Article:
Origami-Style Street Art Brings Color to Nepal


Japan-based American artist Daas is one of 60 artists who came from all over the world to give Nepal an artistic facelift. They were invited to paint 75 site-specific murals on Nepal's walls as part of an art project called Kolor Kathmandu, which began in January and will end on Thursday. Director of Kolor Kathmandu, Yuki Poudyal, was inspired by the street art that sprung up in western cities like Philadelphia and believed that Nepal's capital could be beautified once again by art, inspiring and attracting visitors for years to come.

Artist Daas painted among other things a red panda and a colorful elephant. The red panda is a small mammal that lives in Kathmandu's Rasuwa district. It's on the endangered species list. Daas was excited to shed light on this problem as well as to bring color to the drab town. “Knowing that thousands of people, everyday, will see this huge, colorful painting – in a sea of grey, deteriorating buildings – felt like I was helping to breathe new life into the city. I wanted to give the people something to spark awareness as well as imagination," he said.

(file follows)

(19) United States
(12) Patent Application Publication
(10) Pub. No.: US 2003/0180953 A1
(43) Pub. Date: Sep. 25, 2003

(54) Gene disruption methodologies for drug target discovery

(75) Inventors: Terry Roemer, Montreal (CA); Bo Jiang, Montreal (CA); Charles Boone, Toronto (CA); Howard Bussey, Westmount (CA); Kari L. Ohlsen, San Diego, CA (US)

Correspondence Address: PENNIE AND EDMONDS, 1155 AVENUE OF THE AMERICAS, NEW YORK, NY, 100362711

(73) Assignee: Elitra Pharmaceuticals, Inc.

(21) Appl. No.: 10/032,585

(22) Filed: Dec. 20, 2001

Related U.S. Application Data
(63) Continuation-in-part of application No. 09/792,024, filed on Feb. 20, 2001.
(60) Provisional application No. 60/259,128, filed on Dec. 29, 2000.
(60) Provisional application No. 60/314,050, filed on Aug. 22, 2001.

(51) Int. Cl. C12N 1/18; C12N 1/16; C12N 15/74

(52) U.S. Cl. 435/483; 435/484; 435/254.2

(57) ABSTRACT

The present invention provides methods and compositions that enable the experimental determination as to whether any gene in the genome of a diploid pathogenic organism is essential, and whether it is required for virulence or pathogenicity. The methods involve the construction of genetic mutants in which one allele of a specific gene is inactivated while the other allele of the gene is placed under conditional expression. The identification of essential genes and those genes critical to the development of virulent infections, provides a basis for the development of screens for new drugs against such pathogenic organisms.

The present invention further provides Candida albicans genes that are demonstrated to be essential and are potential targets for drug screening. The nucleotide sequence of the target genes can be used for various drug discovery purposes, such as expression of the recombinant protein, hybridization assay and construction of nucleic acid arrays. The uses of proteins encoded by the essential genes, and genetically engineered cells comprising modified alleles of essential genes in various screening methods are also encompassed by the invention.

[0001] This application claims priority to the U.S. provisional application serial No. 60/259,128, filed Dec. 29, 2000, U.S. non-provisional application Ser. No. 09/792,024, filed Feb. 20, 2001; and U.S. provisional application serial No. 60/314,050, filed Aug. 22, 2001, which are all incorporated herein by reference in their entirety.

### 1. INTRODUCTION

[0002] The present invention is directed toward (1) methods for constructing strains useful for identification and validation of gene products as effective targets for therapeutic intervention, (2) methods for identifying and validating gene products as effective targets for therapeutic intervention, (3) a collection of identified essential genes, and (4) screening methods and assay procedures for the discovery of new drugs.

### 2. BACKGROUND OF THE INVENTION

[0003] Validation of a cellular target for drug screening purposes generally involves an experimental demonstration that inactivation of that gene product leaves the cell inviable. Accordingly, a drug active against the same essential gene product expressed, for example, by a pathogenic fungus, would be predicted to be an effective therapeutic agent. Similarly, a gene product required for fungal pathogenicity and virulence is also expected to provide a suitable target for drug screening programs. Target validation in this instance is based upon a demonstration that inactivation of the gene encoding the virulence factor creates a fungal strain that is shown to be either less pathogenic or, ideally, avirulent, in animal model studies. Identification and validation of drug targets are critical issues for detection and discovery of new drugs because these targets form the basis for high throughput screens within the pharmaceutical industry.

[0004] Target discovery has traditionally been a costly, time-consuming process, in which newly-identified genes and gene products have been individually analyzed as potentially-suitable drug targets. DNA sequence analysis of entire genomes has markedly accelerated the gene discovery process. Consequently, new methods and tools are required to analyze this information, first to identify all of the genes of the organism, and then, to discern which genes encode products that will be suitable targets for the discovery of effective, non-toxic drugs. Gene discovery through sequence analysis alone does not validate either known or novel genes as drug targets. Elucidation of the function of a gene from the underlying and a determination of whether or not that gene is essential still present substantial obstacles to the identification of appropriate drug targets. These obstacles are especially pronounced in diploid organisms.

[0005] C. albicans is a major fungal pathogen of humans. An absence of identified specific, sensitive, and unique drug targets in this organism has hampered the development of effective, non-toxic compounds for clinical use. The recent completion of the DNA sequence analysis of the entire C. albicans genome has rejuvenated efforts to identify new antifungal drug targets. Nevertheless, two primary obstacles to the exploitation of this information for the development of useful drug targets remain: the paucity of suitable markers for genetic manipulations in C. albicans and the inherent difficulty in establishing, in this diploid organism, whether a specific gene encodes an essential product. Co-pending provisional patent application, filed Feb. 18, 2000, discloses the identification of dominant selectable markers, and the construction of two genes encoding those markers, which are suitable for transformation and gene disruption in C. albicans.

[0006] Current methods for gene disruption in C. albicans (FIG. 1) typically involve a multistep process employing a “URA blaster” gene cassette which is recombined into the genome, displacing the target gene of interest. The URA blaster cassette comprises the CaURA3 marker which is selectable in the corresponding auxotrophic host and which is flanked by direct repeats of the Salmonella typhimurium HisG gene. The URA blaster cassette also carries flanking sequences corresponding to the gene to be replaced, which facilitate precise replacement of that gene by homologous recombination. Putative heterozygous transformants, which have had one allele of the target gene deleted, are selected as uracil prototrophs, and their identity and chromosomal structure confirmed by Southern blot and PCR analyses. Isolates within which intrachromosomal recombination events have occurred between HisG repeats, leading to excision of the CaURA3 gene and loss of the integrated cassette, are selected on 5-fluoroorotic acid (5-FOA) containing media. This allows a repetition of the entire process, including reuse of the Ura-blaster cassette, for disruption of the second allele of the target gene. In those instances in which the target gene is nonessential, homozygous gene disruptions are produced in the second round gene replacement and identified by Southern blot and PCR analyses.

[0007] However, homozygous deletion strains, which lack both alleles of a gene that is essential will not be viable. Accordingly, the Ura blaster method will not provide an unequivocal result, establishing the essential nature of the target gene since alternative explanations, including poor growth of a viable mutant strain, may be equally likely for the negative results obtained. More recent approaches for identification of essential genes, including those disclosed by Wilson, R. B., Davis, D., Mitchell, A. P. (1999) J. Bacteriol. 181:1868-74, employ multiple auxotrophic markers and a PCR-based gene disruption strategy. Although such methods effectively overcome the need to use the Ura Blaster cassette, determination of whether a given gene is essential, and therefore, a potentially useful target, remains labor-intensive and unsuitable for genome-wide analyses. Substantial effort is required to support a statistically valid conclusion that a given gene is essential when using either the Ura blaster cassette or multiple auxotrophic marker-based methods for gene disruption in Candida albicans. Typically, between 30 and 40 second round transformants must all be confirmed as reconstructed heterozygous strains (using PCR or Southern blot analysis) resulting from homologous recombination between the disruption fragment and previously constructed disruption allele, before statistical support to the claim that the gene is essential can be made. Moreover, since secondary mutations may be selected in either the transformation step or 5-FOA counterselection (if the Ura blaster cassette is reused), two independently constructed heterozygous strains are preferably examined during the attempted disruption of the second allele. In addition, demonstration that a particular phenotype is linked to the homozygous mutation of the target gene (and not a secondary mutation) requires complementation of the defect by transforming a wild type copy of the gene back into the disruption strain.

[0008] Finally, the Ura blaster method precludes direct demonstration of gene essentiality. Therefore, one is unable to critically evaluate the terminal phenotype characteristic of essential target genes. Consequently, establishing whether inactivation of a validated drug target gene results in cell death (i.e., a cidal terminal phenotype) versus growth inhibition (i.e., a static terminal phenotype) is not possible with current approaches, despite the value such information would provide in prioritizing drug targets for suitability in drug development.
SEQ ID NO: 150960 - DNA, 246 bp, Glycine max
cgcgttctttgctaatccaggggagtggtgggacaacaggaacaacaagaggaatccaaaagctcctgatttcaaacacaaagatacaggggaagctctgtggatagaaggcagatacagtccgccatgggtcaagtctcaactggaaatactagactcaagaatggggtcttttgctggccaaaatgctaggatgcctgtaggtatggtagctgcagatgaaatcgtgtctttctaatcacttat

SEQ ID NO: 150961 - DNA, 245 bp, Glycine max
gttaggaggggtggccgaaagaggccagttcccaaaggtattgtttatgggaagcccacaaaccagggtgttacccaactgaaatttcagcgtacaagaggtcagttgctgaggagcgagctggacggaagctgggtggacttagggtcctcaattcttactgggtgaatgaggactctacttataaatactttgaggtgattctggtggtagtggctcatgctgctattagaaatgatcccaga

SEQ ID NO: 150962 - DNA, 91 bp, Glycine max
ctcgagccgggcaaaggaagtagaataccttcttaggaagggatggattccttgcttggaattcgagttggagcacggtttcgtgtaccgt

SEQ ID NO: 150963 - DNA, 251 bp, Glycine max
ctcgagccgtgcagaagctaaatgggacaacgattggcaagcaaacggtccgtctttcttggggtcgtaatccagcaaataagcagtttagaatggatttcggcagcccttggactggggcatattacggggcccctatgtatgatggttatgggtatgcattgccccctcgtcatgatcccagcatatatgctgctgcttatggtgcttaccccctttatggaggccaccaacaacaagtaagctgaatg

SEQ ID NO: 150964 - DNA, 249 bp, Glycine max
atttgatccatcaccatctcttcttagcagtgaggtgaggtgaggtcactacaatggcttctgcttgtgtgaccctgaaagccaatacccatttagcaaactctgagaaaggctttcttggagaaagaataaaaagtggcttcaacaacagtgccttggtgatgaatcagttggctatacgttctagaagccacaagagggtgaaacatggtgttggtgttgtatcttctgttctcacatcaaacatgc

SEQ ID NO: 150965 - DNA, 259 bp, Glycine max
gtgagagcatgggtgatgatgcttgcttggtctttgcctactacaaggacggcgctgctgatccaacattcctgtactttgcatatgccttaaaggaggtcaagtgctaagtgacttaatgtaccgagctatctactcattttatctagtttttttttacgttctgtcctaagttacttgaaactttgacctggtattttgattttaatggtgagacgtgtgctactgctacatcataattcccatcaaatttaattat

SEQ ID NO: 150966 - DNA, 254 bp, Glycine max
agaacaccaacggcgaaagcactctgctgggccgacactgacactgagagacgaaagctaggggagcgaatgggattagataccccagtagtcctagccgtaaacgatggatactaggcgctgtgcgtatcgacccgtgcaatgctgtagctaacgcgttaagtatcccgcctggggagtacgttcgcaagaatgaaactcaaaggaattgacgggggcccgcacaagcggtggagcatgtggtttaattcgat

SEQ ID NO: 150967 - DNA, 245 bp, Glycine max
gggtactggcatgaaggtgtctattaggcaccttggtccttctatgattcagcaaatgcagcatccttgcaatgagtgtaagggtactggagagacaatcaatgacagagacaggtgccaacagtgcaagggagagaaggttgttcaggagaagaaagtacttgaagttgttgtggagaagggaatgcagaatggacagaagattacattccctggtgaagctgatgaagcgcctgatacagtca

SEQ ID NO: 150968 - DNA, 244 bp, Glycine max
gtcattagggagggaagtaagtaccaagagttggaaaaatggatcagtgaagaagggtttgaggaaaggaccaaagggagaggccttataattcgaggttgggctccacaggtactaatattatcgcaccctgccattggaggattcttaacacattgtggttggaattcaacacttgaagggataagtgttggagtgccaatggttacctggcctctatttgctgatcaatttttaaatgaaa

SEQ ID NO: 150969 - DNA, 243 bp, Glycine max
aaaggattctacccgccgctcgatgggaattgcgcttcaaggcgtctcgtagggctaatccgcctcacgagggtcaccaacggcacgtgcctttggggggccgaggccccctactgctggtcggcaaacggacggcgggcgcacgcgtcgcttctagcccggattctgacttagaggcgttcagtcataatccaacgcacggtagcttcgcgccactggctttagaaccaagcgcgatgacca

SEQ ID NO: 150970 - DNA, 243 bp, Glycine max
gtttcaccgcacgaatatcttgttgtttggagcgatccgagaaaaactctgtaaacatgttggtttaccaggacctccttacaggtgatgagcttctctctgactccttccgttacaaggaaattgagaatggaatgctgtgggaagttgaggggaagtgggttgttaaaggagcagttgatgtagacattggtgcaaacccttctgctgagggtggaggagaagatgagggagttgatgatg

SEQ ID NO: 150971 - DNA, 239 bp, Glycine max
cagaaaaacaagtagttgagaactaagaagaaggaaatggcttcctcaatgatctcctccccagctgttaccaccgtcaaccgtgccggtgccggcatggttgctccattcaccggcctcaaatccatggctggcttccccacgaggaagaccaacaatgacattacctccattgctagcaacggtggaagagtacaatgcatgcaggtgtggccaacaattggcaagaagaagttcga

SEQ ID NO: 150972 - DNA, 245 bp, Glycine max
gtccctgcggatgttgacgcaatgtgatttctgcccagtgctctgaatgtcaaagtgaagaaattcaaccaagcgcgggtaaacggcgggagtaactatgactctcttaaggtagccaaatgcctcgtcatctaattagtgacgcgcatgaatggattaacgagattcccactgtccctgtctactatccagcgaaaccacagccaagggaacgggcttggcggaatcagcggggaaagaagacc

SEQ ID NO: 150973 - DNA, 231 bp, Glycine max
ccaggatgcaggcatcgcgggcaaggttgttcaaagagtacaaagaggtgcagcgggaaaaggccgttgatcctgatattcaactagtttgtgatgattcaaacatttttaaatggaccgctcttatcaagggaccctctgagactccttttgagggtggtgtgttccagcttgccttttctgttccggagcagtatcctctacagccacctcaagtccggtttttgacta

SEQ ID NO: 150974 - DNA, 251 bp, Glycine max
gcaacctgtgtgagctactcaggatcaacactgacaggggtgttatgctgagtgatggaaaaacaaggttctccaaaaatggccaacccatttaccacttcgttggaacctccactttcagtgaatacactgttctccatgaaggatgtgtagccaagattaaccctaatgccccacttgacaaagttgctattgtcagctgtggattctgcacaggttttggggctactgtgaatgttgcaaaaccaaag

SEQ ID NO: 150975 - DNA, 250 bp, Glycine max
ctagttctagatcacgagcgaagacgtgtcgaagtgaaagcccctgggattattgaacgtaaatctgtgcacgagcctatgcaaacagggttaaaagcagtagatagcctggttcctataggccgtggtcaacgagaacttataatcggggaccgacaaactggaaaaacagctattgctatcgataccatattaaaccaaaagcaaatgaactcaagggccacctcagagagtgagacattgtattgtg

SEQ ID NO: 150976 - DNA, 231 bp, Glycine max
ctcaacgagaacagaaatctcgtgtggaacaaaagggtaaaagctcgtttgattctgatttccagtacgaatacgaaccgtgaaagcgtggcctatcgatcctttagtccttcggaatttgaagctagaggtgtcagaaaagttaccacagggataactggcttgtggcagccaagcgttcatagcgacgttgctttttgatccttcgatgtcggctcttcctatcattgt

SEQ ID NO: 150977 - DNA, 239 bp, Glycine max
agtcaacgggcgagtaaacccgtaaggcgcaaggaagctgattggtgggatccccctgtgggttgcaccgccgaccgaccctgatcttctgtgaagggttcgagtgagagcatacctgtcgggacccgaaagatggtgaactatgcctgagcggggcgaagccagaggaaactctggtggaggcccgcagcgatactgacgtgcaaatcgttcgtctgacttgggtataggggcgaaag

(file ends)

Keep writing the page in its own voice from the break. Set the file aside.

The bright mural of the geometric elephant walking through a field of flowers was created with the assistance of children from the local Shikshantar School. Because painting supplies like scaffolding and ladders are hard to come by in Kathmandu, Daas had to improvise by attaching paintbrushes to 12-foot poles. "It was a crazy technique, but lent itself to interesting effects and mistakes," Daas said.

Of his whole trip to Nepal, Daas reflected, “In Kathmandu, life was hard, but I felt alive. I find myself thinking about the wonderful people I met and the passion burning within them. They don't see the struggle, they see the journey."








Daas website
via [Japanzine], [Artdaily]

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